The animal in the human.— Why do some women enjoy “rough sex”? To a being uninitiated into the secrets of the human psyche, this fact might seem paradoxical. After all, what’s so great about being treated like a piece of meat? On one level, the explanation is simply that heterosexual women like “masculine strength.” They like watching half-naked muscular male bodies fighting or playing sports; they like touching and caressing their man’s muscles, they’re fascinated by male assertiveness and physicality. They’re attracted to them, to male dominance and the dominant male. So it’s not surprising they sometimes like half-violent sex. A deeper explanation, though, is that women’s subjection to a frenzy of “powerful masculine desire” irresistibly validates them as women. Far from its being experienced as degrading, their reduction to something like an object affirms them (in that moment at least), confirms their value and reality, as R. D. Laing might say. Through the man’s powerful desire for them, they sense their reality. (Similarly, men are validated through women’s desire.)
In addition to all this is the simple ecstatic pleasure of release from self-consciousness, self-control, inhibitions, similar to the pleasure people get from wild partying or indulging in any kind of orgiastic ritual. It’s Dionysian pleasure, the joy of merging self with other.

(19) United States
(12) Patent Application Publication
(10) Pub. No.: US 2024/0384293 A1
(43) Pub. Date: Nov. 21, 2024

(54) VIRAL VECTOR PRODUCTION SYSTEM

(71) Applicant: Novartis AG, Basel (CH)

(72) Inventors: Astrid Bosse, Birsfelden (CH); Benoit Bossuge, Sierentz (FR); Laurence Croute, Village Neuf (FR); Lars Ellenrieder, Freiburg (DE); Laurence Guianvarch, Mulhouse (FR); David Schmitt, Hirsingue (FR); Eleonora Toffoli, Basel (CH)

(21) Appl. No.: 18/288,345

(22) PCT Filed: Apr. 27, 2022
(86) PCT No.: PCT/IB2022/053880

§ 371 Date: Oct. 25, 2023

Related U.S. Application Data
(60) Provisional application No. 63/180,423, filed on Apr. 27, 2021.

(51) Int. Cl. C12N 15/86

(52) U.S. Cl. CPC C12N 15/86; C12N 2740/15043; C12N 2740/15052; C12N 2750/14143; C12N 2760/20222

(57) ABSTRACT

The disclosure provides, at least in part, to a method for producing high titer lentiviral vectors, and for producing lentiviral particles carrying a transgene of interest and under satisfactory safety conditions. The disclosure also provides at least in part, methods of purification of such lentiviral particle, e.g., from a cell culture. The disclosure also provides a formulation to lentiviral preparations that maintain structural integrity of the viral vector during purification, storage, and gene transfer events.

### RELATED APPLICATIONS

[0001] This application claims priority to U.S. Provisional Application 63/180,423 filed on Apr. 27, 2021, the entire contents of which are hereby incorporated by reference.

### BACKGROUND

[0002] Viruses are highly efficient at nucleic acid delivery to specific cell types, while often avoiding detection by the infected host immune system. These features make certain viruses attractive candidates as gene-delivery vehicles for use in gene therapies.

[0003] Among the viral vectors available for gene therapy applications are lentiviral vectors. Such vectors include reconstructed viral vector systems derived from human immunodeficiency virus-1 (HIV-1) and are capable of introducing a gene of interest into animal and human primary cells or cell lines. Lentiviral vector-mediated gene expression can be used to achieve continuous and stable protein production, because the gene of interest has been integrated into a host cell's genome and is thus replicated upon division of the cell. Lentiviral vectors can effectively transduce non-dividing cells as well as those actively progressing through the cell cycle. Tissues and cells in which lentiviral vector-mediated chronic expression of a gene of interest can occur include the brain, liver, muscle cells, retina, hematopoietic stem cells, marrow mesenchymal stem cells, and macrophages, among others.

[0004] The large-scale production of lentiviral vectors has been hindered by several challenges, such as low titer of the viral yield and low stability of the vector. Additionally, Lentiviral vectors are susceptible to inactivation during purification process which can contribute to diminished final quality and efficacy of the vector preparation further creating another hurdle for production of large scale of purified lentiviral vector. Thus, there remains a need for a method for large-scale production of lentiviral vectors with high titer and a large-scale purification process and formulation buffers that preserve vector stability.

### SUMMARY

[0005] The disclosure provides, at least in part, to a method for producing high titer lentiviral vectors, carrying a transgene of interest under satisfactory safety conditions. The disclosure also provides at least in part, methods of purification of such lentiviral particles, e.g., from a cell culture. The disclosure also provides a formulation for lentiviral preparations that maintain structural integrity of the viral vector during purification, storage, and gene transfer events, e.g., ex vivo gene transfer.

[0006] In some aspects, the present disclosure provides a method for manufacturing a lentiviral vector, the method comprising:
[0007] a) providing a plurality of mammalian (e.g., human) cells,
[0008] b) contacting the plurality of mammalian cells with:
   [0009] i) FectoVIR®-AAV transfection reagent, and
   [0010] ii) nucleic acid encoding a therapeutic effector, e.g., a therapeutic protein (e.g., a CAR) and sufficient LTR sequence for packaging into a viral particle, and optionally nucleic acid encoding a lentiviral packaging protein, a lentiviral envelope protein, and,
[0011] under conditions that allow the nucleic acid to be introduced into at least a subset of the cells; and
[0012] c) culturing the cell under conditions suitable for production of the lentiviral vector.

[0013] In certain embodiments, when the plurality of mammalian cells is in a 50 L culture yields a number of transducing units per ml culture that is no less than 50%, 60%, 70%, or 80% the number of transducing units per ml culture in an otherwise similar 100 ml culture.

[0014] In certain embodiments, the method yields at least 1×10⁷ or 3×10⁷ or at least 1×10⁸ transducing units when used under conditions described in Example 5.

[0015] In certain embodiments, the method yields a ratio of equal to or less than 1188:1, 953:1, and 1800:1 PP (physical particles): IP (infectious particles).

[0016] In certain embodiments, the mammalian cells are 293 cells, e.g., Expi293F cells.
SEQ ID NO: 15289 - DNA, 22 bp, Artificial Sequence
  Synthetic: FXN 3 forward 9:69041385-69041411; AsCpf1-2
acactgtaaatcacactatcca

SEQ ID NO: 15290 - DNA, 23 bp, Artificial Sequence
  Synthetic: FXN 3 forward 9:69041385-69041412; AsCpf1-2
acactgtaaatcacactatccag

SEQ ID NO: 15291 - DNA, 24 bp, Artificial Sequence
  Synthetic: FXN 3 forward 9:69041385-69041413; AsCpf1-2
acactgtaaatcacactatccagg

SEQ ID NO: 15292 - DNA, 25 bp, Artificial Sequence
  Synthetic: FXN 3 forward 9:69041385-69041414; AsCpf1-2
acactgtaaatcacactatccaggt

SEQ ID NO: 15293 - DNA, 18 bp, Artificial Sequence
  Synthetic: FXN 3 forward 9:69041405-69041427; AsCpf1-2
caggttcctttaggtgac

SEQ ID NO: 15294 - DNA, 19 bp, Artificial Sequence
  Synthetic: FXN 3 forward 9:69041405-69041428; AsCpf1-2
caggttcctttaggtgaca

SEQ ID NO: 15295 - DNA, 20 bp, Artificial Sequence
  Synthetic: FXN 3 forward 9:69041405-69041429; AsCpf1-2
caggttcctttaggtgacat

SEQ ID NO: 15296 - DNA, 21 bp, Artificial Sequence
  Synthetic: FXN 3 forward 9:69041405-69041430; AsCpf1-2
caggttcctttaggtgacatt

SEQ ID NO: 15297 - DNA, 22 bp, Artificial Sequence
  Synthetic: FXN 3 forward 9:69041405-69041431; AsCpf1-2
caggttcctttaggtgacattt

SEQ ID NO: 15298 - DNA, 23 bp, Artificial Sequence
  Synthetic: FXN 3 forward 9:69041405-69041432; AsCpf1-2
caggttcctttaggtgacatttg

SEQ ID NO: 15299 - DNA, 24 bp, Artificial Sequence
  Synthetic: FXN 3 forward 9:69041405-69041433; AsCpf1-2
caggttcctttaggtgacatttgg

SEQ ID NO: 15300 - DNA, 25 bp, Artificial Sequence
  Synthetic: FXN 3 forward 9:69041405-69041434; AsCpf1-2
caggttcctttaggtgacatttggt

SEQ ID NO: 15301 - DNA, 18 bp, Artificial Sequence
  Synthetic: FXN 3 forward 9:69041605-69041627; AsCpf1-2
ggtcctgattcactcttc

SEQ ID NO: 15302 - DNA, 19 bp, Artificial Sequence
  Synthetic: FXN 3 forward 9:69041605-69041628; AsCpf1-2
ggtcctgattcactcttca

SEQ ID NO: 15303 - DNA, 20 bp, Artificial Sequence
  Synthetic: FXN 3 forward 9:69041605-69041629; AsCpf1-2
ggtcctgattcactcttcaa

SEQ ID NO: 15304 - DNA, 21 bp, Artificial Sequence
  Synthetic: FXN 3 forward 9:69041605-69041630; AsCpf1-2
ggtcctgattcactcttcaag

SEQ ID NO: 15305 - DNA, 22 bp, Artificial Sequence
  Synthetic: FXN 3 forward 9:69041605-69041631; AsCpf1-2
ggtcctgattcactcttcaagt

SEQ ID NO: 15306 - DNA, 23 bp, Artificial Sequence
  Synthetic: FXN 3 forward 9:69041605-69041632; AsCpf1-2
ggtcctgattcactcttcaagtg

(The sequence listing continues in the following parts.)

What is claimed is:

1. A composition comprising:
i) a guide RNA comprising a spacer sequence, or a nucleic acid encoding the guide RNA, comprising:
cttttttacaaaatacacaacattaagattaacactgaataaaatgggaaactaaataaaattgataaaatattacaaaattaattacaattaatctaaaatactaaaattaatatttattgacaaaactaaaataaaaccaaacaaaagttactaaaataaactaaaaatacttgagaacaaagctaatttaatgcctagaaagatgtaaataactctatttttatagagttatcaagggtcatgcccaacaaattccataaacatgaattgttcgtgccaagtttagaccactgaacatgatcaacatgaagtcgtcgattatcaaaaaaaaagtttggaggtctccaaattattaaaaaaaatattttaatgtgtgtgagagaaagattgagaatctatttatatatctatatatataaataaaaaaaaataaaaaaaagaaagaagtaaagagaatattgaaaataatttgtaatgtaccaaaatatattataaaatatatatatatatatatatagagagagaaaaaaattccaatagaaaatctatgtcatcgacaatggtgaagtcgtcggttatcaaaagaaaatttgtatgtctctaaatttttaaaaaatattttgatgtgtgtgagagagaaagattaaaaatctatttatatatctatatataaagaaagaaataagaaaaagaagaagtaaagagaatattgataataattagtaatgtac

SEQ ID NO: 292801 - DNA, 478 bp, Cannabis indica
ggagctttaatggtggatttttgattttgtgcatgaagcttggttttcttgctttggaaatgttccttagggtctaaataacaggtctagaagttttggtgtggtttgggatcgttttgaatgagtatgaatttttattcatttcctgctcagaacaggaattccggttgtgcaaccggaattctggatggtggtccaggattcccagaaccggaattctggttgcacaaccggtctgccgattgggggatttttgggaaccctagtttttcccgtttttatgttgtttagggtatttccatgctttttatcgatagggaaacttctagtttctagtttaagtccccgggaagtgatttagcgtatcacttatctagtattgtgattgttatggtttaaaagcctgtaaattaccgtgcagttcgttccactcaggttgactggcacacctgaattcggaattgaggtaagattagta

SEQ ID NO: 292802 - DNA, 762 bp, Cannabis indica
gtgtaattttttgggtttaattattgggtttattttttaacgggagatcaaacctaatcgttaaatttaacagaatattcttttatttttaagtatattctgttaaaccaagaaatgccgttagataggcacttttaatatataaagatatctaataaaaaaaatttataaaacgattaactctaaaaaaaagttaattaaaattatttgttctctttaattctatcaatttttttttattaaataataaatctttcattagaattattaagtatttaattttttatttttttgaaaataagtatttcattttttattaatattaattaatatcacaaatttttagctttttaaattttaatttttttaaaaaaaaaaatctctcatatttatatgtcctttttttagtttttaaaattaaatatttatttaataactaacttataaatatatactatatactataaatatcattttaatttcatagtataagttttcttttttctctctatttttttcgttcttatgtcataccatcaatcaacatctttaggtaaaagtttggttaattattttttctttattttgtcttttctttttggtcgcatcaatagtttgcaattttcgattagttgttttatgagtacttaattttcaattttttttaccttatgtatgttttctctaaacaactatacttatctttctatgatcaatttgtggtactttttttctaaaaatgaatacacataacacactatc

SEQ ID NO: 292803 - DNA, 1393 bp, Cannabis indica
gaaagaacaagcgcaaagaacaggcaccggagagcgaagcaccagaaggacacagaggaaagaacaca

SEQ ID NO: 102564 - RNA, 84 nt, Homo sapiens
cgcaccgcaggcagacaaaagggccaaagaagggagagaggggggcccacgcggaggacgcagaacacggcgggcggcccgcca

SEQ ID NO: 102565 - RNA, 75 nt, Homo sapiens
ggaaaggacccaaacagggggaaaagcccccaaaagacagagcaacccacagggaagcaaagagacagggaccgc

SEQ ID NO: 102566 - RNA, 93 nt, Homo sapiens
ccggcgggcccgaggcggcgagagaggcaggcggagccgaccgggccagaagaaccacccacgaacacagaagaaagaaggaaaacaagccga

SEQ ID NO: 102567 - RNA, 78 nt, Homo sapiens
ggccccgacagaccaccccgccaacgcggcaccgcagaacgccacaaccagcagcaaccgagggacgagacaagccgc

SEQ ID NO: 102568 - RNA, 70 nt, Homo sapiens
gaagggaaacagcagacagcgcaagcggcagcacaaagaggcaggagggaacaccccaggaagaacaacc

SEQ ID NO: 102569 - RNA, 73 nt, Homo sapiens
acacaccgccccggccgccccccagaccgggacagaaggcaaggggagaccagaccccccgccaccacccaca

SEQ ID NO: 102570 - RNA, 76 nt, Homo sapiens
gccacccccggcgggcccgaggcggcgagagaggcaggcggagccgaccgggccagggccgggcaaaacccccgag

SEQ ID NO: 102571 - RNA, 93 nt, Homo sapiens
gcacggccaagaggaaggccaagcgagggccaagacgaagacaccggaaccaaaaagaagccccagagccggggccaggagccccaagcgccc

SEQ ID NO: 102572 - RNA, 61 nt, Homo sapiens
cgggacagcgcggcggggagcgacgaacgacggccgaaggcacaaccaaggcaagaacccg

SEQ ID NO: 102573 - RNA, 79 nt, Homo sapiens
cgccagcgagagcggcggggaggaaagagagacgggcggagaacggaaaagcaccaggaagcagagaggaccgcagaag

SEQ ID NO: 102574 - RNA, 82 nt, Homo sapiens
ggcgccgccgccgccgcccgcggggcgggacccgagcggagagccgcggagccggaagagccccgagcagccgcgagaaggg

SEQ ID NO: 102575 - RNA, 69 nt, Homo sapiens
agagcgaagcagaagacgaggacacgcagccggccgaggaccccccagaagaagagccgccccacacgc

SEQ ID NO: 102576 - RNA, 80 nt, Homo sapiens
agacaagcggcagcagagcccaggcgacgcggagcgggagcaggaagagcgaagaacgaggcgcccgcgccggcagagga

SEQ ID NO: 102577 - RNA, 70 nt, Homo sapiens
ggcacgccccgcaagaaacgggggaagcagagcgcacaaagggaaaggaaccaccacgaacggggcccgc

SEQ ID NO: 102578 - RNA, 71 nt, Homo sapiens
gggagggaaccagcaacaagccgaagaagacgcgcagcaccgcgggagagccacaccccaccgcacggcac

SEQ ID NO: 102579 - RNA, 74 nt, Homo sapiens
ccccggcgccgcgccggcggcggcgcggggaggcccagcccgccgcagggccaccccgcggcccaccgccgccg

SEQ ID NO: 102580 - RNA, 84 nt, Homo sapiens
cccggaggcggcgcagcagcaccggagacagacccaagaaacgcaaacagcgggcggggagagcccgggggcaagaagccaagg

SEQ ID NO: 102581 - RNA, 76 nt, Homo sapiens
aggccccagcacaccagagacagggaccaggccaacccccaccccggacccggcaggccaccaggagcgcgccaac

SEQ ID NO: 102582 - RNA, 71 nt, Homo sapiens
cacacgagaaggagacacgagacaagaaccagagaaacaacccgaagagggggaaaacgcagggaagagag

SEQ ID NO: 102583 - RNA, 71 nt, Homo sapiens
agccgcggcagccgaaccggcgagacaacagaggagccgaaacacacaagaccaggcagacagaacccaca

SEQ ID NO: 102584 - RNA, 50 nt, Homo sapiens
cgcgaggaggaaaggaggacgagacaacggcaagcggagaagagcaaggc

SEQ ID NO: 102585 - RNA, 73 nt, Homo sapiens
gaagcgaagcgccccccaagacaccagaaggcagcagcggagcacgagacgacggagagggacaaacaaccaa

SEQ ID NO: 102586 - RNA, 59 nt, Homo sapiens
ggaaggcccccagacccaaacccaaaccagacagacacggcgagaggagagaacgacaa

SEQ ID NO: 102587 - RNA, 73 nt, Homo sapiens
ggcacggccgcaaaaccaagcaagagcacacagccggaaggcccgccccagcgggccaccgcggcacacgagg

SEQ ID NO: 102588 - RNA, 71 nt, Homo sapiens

An inconvenient truth.— Feminism ends in the bedroom. (Unless it’s French feminism, in which case it begins in the bedroom.*)
*See the writings of, e.g., Luce Irigaray, who might have been a good erotic novelist had she chosen that career path. “Woman’s pleasure does not have to choose between clitoral activity and vaginal passivity, for example. The pleasure of the vaginal caress does not have to be substituted for that of the clitoral caress. They each contribute, irreplaceably, to women’s pleasure. Among other caresses.... Fondling the breasts, touching the vulva, spreading the lips, stroking the posterior wall of the vagina, brushing against the mouth of the uterus, and so on.” (From chapter 2 of This Sex Which Is Not One.) This titillating sort of feminism is easy to mock, but insofar as it doesn’t ignore the body, it’s more sensible than a lot of Anglo-American feminism.